NATO phonetic alphabet
The International Radiotelephony Spelling Alphabet is the most widely used radiotelephone spelling alphabet. It is unrelated to phonetic transcription systems such as the International Phonetic Alphabet. The 26 code words in the spelling alphabet are assigned to the 26 letters of the English alphabet.
About NATO phonetic alphabet in brief
The International Radiotelephony Spelling Alphabet is the most widely used radiotelephone spelling alphabet. It is unrelated to phonetic transcription systems such as the International Phonetic Alphabet. The 26 code words in the spelling alphabet are assigned to the 26 letters of the English alphabet in alphabetical order as follows: Alfa, Bravo, Charlie, Delta, Echo, Foxtrot, Golf, Hotel, India, Juliett, Kilo, Lima, Mike, November, Oscar, Papa, Quebec, Romeo, Sierra, Tango, Uniform, Victor, Whiskey, X-ray, Yankee, Zulu. NATO uses the regular English numeric words, whereas the ITU and the IMO define compound numeric words. In practice these are used very rarely, as they frequently result in confusion between speakers of different languages. Most major airlines use the alphabet to communicate passenger name records internally, and in some cases, with customers. During the Vietnam War, the U.S. government referred to the Viet Cong guerrillas and the group itself as Victor Charlie; the name became synonymous with this force. The final choice of words for the letters and digits was made after hundreds of thousands of comprehension tests involving 31 nationalities. The qualifying feature was the likelihood of a code word being understood in the context of the language of the speaker. For example, foxtrot is superior in isolation, but in extended communication it has a superior chance of being understood by the speaker according to the pronunciation of the code word.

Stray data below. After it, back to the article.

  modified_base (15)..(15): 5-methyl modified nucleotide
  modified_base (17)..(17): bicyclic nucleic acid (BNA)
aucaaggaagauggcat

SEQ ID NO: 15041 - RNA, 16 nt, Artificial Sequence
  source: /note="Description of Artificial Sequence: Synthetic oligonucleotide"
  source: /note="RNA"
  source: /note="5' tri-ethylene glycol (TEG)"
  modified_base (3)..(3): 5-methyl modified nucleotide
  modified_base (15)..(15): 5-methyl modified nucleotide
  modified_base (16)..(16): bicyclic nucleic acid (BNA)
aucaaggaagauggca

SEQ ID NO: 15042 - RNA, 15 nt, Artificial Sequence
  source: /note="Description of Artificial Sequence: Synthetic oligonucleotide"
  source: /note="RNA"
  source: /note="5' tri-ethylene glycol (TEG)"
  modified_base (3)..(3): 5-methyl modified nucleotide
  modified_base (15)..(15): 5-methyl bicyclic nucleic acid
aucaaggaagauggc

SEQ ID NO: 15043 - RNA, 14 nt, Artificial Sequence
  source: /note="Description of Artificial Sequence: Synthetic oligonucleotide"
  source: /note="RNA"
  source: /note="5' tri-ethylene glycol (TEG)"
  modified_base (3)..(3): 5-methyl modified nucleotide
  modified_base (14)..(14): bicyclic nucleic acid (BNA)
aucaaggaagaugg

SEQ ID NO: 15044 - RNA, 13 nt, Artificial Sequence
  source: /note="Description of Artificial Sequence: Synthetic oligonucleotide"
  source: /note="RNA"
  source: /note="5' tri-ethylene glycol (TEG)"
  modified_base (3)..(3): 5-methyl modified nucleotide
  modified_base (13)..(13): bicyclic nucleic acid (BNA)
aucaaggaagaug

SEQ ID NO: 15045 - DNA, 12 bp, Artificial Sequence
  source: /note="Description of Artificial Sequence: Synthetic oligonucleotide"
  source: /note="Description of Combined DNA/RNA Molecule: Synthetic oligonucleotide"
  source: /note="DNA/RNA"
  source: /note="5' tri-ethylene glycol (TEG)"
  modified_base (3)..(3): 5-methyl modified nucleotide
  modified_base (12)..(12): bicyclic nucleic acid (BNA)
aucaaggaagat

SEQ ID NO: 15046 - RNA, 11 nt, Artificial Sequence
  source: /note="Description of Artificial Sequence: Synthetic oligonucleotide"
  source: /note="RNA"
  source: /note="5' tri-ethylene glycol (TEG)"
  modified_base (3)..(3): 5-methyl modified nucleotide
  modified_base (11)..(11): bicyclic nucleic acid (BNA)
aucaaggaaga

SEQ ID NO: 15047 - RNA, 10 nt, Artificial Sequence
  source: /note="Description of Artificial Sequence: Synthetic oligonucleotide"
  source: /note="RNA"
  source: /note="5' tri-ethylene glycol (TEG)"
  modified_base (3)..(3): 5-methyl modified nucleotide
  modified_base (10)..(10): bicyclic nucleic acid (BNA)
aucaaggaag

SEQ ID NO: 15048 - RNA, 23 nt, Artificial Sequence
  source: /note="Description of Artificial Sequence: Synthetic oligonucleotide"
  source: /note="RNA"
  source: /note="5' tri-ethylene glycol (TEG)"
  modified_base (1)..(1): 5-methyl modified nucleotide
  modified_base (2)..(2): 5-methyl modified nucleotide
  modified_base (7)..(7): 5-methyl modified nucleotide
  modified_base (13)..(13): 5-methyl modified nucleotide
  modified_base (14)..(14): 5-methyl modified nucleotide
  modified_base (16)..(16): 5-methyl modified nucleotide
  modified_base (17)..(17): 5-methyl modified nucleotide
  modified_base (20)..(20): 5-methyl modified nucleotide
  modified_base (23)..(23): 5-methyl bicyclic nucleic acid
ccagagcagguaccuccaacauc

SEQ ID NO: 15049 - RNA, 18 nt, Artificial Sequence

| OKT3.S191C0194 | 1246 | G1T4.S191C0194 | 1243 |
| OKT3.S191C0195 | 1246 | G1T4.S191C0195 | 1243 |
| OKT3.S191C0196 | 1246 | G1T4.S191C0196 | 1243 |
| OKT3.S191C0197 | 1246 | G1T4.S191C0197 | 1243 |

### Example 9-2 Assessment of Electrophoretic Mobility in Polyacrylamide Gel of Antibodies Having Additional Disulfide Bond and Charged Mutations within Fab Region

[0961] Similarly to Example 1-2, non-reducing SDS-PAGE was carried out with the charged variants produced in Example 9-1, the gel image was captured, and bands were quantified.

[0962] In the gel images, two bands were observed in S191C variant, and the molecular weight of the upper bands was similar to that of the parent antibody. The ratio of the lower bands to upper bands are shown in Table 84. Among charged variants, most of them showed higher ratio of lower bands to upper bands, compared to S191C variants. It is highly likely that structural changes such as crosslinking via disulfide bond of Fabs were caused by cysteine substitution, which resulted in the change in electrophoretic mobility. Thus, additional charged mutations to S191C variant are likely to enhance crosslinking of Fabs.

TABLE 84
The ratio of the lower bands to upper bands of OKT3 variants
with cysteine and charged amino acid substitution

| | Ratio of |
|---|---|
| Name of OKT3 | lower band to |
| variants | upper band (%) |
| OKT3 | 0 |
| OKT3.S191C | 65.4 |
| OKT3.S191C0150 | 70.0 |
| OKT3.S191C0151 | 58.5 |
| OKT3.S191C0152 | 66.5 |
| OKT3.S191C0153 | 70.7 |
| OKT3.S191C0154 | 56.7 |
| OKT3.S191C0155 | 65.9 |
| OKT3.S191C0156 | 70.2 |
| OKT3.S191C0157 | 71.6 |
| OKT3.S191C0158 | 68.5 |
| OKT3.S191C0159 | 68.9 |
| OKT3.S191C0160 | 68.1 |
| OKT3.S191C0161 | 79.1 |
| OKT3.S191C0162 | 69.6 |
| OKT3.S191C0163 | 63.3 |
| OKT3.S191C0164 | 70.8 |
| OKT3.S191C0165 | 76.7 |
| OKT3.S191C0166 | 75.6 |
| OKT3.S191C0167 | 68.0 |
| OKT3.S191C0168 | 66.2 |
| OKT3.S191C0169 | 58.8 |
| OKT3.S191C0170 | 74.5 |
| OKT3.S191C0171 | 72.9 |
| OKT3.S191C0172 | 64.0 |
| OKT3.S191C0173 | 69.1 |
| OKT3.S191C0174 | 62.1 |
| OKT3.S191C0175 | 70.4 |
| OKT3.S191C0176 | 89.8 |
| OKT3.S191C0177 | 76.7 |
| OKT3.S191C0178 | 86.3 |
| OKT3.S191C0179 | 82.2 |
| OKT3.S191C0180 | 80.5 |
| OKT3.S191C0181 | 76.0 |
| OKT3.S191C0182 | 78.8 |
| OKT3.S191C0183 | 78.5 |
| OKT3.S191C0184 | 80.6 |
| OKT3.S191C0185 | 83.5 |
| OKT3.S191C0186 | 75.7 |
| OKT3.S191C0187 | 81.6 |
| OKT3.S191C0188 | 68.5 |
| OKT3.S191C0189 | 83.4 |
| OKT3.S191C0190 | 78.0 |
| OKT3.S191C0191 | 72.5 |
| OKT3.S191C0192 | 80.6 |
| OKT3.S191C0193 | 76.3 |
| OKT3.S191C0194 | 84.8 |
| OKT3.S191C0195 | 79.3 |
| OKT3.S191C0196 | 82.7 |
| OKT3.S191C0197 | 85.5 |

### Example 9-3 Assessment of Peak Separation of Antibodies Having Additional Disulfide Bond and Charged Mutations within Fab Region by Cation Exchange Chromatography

The code words are used by all agencies, but each agency chooses one of two different sets of numeric code words. It has been used often by information technology workers to communicate serial or reference codes or other specialised information by voice. For instance, the message \”proceed to map grid DH98\” could be transmitted as ‘proceeding to map Delta-Hotel-Niner-Ait’ or ‘progressing to the next grid’. The spelling alphabet is used to spell parts of a message containing letters and numbers to avoid confusion, because many letters sound similar, for instance ‘n’ and ‘m’, ‘f’ and ’s’; the potential for confusion increases if static or other interference is present. The unusual pronunciation of certain numbers was designed to reduce confusion as well. In addition to the traditional military usage, civilian industry uses the Alphabet to avoid similar problems in the transmission of messages by telephone systems. It is often used in the retail industry where customer or site details are spoken by telephone, although ad-hoc coding is often use in that instance. The alphabet is also used in a medical context as well, to avoid confused when transmitting information. Several letter codes and abbreviations using the spelling Alphabet have become well-known, such as Checkpoint Charlie in Berlin, Zulus, Zulul, Zuzul and Zulu Mean Time or Greenwich Mean Time.